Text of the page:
REPOST: This was first posted in December 2012 but seems appropriate to revisit now!
There is something special about the lab over the Christmas holidays. There are myths about experiments miraculously starting to work after many months of trying, things falling into place or suddenly making sense.
Last Christmas I had the misfortune of scheduling a drug release study for late December – early January. That tied me into tending my precious bottles, rotating at 75 rpm and warming to 37 degC every few hours for the first day or two, then every day and eventually every second day. In a fit of uncharacteristically good planning, I managed to organize myself sufficiently well so that I didn’t have to take samples on Christmas Day, but there is photographic evidence of my Christmas Eve efforts. Of course, those experiments worked particularly well, the drug release curves were quite tidy and the error bars satisfyingly small. More to the point, those were the first experiments that had ‘really’ worked.
One November during my PhD I had decided that I needed a decent break. Christmas with all of its fraught travel and frantic family festivities was just not a good enough break. With that in mind I set up a number of small experiments to sit and stir in my absence, and took a month off. It was quite nice to think of work and smile at the thought that things were brewing in my absence. And brewing they were because that long Christmas vacation enabled the Crystal Faeries to pay a visit to my corner of the lab, and sprinkle beautiful crystals in many of my pots. When you work with things like silsesquioxanes that can take up to 3 months to form and perhaps crystallize, coming back after a month off to find shiny grains of research results is like a dream come true.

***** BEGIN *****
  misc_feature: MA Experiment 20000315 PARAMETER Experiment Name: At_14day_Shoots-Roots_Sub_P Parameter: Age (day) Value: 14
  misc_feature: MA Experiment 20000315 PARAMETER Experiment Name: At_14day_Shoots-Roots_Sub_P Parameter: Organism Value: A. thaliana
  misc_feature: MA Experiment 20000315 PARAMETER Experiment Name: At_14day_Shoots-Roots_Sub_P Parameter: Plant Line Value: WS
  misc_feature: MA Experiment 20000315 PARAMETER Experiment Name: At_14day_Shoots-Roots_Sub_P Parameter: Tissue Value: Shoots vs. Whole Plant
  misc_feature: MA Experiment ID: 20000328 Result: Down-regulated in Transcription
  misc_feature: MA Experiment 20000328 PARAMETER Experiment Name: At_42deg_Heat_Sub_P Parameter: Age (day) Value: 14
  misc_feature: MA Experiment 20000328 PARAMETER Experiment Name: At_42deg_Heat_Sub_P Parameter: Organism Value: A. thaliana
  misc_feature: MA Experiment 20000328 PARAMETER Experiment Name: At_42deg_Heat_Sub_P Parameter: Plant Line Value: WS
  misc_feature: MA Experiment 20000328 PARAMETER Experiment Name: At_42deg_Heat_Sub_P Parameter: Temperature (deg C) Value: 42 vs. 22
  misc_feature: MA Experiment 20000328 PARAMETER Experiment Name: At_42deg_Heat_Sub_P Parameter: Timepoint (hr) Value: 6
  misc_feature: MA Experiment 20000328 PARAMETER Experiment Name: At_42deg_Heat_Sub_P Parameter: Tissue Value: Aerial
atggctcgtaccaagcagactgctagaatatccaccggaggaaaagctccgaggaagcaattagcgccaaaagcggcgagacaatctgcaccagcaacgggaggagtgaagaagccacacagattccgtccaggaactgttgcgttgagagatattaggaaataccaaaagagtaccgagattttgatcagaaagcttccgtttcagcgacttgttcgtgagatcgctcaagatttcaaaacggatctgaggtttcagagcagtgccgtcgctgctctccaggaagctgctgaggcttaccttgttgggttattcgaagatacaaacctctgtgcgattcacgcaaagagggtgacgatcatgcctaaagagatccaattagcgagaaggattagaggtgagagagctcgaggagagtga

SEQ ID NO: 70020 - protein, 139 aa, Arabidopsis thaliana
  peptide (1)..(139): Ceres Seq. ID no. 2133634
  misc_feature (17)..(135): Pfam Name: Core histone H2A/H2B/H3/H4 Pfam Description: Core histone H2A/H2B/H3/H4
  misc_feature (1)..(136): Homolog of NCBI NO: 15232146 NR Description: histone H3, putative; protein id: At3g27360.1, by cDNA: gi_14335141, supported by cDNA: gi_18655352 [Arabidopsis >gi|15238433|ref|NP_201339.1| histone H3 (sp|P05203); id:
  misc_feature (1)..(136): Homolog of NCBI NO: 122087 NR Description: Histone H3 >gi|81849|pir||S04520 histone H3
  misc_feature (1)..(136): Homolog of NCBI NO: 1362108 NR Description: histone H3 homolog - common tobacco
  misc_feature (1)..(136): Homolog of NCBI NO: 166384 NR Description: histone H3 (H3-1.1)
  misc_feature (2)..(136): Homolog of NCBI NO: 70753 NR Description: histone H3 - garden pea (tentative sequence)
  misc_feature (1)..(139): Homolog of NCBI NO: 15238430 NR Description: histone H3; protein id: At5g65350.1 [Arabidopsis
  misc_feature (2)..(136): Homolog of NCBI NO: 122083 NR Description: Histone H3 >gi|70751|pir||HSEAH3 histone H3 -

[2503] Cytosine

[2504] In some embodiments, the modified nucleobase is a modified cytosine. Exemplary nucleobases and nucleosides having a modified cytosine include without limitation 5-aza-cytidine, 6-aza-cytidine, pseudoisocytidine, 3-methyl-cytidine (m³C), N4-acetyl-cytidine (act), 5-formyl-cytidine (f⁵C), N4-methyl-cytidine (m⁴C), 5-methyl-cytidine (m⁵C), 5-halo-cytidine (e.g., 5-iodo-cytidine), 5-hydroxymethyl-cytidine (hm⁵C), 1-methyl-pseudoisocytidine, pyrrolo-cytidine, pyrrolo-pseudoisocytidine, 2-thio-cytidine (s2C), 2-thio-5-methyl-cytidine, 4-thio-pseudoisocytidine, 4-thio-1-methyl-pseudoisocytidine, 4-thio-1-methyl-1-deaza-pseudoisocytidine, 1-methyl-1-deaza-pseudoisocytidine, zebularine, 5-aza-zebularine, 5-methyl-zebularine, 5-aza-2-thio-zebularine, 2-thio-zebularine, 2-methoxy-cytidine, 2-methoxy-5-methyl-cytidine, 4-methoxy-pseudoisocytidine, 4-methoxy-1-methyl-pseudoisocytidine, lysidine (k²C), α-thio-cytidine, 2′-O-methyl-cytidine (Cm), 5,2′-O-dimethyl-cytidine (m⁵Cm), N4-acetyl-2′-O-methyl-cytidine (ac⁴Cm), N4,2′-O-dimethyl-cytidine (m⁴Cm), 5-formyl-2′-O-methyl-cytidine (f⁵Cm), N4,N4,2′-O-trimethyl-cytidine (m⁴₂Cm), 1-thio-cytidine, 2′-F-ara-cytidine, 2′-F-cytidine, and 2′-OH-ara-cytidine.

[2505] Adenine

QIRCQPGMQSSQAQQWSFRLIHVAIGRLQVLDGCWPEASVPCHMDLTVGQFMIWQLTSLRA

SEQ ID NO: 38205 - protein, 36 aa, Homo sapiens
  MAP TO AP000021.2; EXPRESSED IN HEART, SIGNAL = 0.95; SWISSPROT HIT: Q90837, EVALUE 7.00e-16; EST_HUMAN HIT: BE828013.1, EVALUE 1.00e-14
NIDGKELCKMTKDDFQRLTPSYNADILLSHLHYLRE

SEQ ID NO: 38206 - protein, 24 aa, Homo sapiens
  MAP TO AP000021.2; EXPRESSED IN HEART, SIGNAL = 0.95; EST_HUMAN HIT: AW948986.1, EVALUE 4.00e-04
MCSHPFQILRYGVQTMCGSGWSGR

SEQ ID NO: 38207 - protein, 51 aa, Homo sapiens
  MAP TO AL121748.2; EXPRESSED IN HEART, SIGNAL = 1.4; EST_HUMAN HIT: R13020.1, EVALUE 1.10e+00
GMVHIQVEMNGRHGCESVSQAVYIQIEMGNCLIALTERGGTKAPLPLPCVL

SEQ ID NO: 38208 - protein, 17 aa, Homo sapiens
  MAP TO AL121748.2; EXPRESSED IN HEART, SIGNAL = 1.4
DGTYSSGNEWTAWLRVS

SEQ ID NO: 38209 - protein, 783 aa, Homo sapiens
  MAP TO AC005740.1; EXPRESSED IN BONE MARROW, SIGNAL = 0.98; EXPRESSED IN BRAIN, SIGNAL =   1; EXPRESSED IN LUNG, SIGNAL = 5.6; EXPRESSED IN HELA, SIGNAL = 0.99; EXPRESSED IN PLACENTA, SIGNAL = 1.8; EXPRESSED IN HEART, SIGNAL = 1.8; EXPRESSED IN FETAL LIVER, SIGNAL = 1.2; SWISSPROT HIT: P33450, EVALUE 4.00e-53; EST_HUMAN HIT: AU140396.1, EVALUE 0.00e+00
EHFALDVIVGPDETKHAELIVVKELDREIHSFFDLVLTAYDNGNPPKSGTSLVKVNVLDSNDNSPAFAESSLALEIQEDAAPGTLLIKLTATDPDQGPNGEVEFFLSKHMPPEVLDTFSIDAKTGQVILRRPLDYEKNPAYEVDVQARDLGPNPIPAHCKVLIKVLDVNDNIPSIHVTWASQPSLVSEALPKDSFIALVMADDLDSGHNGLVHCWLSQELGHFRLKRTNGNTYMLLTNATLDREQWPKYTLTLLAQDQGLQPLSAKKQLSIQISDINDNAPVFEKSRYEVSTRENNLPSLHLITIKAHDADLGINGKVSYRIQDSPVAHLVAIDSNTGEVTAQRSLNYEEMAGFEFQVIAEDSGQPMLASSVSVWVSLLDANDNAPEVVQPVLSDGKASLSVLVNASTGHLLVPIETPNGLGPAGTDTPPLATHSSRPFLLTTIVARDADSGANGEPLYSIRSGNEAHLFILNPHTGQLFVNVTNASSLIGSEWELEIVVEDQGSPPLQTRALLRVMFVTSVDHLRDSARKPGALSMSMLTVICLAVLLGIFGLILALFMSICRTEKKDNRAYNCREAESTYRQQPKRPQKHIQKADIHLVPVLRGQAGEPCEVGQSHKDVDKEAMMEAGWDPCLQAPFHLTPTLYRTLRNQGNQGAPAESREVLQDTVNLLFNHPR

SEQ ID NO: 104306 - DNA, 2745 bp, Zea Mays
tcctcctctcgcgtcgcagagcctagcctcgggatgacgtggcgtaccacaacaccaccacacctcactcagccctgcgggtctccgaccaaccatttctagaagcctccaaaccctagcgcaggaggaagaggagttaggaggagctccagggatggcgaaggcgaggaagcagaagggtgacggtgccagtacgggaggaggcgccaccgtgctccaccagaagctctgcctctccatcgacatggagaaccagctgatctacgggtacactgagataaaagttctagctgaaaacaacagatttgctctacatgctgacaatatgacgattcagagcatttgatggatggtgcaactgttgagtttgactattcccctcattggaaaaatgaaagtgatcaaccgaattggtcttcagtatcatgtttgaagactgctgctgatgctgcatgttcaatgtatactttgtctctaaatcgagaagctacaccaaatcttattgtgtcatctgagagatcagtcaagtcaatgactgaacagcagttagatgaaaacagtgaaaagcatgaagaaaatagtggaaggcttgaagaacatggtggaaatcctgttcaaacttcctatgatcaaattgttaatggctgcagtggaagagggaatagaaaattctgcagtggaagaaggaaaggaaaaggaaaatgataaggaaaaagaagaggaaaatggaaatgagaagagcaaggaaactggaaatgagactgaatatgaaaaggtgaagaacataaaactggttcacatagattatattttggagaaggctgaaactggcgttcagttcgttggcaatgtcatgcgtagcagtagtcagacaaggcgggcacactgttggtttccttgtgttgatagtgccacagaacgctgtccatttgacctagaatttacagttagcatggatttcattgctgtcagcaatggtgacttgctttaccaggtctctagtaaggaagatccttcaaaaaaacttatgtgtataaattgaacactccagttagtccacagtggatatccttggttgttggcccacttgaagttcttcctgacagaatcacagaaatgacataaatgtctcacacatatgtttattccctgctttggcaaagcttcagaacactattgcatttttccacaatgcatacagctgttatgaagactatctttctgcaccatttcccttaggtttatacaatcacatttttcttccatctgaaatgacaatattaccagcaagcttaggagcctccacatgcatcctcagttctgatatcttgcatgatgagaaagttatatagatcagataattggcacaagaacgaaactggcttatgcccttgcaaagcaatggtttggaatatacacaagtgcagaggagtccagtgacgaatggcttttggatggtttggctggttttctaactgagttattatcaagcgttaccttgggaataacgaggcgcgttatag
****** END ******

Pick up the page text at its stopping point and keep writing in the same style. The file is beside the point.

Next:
Before you ask, it wasn’t just me. Other PhD students reported similar rewards for festive efforts in the lab. It makes me wonder what I should get up to at work tomorrow. Should I spend the time tidying up and tackling the remaining few tasks of this semester’s teaching? Or should I head off into the lab and see if I can find that magic touch?